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Signal Transduction in Cell Physiology

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McMaster University
Laura Parker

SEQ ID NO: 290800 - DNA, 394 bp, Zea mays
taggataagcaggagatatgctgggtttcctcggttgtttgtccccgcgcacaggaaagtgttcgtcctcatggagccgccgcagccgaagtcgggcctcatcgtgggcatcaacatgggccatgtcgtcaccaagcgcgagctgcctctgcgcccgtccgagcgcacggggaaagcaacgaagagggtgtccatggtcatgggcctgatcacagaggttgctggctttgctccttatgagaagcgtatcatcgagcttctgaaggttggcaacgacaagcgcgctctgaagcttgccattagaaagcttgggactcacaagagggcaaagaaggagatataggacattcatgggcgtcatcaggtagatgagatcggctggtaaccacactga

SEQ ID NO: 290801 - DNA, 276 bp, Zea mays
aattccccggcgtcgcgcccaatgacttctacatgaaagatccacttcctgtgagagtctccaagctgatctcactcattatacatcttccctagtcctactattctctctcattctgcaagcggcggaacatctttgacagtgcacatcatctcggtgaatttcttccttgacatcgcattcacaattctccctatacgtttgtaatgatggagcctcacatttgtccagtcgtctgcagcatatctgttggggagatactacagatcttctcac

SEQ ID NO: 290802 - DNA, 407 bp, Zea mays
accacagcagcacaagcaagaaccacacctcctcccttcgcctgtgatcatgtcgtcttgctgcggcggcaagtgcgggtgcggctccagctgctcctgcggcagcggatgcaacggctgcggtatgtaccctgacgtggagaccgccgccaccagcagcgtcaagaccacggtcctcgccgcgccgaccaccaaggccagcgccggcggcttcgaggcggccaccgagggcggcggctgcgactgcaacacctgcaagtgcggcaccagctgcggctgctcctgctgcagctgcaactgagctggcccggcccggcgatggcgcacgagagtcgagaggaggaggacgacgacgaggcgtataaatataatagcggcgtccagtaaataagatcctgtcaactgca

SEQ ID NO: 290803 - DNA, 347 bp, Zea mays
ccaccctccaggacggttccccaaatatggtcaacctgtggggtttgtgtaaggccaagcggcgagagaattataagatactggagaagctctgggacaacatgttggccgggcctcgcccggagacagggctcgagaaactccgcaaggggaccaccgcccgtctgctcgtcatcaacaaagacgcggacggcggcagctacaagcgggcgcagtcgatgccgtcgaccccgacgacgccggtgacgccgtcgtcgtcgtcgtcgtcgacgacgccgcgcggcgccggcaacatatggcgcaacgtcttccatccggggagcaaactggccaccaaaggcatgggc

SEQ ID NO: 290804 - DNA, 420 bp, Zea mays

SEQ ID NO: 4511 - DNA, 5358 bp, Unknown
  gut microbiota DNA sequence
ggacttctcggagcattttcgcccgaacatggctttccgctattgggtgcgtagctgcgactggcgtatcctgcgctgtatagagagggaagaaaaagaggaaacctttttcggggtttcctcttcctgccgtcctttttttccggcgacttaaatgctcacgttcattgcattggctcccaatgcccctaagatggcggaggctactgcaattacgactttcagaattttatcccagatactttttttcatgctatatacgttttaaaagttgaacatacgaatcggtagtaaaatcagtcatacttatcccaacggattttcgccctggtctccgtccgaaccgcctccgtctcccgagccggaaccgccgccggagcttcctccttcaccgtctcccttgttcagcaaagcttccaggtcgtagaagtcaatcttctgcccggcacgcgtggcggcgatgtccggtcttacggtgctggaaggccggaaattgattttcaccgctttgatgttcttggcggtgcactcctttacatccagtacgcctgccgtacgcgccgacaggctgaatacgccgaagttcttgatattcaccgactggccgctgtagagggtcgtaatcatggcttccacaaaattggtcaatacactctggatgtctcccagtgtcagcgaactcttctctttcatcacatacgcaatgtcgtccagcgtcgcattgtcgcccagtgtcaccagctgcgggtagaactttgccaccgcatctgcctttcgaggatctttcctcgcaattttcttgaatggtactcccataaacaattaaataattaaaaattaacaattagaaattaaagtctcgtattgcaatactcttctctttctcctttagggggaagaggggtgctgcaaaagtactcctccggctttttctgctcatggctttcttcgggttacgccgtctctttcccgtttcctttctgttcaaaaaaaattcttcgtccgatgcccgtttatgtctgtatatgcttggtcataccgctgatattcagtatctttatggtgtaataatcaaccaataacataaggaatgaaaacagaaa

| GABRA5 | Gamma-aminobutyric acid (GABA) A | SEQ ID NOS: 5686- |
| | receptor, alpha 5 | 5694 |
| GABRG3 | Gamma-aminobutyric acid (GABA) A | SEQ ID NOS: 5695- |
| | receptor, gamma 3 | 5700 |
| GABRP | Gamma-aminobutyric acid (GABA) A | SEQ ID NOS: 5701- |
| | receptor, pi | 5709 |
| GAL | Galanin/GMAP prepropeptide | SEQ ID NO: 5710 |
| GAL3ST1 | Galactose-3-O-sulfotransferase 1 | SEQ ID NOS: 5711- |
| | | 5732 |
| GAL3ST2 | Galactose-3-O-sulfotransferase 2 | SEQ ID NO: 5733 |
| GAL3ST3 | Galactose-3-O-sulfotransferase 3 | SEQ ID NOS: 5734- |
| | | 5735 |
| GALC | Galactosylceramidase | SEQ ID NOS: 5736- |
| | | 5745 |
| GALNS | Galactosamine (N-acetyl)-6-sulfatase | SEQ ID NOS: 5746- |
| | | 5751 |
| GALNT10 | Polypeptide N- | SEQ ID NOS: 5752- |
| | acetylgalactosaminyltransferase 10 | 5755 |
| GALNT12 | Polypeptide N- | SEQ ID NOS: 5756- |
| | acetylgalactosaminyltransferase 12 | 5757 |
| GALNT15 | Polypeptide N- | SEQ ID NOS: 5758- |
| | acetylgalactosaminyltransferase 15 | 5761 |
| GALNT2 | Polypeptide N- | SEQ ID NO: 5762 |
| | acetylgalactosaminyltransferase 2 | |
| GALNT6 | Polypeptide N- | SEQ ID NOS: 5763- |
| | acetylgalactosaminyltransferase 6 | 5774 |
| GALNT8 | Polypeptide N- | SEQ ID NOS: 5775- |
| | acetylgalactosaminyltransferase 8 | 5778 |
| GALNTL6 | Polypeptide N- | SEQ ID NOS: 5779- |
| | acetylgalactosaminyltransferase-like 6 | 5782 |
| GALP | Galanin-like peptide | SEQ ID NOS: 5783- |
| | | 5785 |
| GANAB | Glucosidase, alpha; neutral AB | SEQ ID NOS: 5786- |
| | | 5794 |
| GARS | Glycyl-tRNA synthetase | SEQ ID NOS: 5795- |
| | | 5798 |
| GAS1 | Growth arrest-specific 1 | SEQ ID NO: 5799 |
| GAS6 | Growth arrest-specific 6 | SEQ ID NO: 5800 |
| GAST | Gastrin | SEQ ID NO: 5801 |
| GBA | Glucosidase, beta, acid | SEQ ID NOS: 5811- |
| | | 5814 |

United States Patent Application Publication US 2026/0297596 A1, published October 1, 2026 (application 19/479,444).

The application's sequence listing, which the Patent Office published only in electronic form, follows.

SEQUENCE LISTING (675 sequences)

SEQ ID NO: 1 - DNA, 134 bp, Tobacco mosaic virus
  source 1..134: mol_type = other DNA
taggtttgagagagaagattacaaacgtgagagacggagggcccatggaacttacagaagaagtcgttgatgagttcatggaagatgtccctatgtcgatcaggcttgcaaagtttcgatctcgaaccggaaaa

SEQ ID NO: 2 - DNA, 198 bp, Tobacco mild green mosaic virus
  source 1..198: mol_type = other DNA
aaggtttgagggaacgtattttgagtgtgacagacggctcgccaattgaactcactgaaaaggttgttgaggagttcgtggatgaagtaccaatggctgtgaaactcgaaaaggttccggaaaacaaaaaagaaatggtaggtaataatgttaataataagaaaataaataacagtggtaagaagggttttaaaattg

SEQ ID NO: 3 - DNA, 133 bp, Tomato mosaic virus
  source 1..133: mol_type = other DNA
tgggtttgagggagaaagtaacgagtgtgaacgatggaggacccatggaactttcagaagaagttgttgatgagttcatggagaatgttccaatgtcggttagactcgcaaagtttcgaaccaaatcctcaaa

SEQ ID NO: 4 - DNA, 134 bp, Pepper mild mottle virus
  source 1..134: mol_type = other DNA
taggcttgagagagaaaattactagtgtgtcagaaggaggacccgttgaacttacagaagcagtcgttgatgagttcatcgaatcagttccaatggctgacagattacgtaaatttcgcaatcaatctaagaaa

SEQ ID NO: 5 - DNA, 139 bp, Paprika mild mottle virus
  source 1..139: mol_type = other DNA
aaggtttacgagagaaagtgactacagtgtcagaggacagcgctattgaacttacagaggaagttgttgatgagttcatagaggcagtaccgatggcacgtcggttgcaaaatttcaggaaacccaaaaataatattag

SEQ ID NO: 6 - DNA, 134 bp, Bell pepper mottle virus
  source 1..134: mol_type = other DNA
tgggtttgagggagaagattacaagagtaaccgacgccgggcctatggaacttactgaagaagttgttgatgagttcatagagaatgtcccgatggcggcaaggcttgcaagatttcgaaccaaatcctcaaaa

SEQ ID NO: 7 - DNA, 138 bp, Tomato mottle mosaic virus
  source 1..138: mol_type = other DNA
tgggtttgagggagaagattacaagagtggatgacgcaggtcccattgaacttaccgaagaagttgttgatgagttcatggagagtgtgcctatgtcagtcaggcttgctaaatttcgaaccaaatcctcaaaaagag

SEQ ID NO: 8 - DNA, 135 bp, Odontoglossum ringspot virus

Signal Transduction in Cell Physiology Ligand reception  chemical binds to a receptor or a stimulus Information transfer  receptor undergoes conformational change that effectively brings the signal across the membrane into the cell. Some ligands pass directly thru membrane and act on cytoplasmic receptors. Amplification and networking  occur when receptors or downstream components act catalytically and interact through common downstream pathways Adaptation and desensitization  processes which attenuate a cell’s response during persistent stimulation Common themes in signal transduction (general mech. used for transfer of info) • Ion channels o Transfer info by changing resting membrane potential o Binding of ligand alters the gating properties of the receptor, aqllowing ions to pass • G-protein linked o G-protein coupled receptors are linked to intracellular G-proteins o Excited receptor interacts with the G-protein and causes it to release GDP o Binds GTP and becomes activated, then activates downstream proteins • Tyrosine kinase linked o Some contain catalytic domains o Others the tyrosine kinase activities are located on separate associated proteins • Receptor enzymes o Carry catalytic activities such as guanylyl cyclases or protein kinases within their cytoplasmic domains o Ligand binding causes an increase in the enzymatic activity • Cytoplasmic receptors o Ligand simply passes directly thru membrane Amplification and Networking • Second messengers  very small amounts create large response  are rapidly destroyed • GTPase switch proteins o Binding of GTP triggers a conformational change that switches the protein from an inactive form to an active form o Have an intrinsic GTPase activity that hydrolyses the bound GTP molecule • Protein kinases and phosphatases o Phosphorylation of serine, threonine, tyrosine, histidine, or aspartate residues on signal transduction proteins o Phosphorylation by protein kinases typically causes a conformational change in the target protein that acts as a reversible switch o Switch is reversed by a specific phosphatase that removes phosphate and restores the amino acid to its unmodified form • Adaptors and scaffolds o Proteins that contain multiple protein-protein interaction domains and this can bind multiple other proteins of the pathway o They recruit other proteins to specific locations and organize groups of proteins within the pathway o Facilitate transmission of the signal along the pathway Classes of cell surface receptors • Growth factor (tyrosine kinase)  growth control o Consist of 2 identical signle membrane span subunits which dimerize upon binding ligand o Dimerizatoin causes autophosphorylation of tyrosine residues on the cytoplasmic domains o Phosphorylated tyrosine residues bind cytosolic proteins containing SH2- domains (Src-homology), which leads to the downstream signaling events o Specific SH2 domains recognize specific phosphotyrosine residues based on a short sequence of amino acids immediately surrounding the tyrosine • Seven helix (G protein coupled)  growth control o Largest class of receptors o Binding of ligand on the outer face of the membrane causes movement of rd th the ends of the helices, primarily the 3 and 6 , on the inner face. o Receptor interacts with a hetrotrimeric G-protein, consisting of α- and βγ- subunits. o α- releases GDP, binds GTP, and then dissociates from the βγ- subunits. o The free subunits can each activate downstream effectors o Many GPCRs undergo agonist-induced phosphorylation, which plays a role in desensitization and internalization of these receptors • Cytokine (tyrosine kinase)  growth control o Consist of two homologous but non-identical single membrane span subunit o Do not contain enzymatic activities in their cytoplasmic domains o They recruit and activate cytosolic tyrosine kinases (JAKs) o JAKs phosphorylate TFs called STATs, providi
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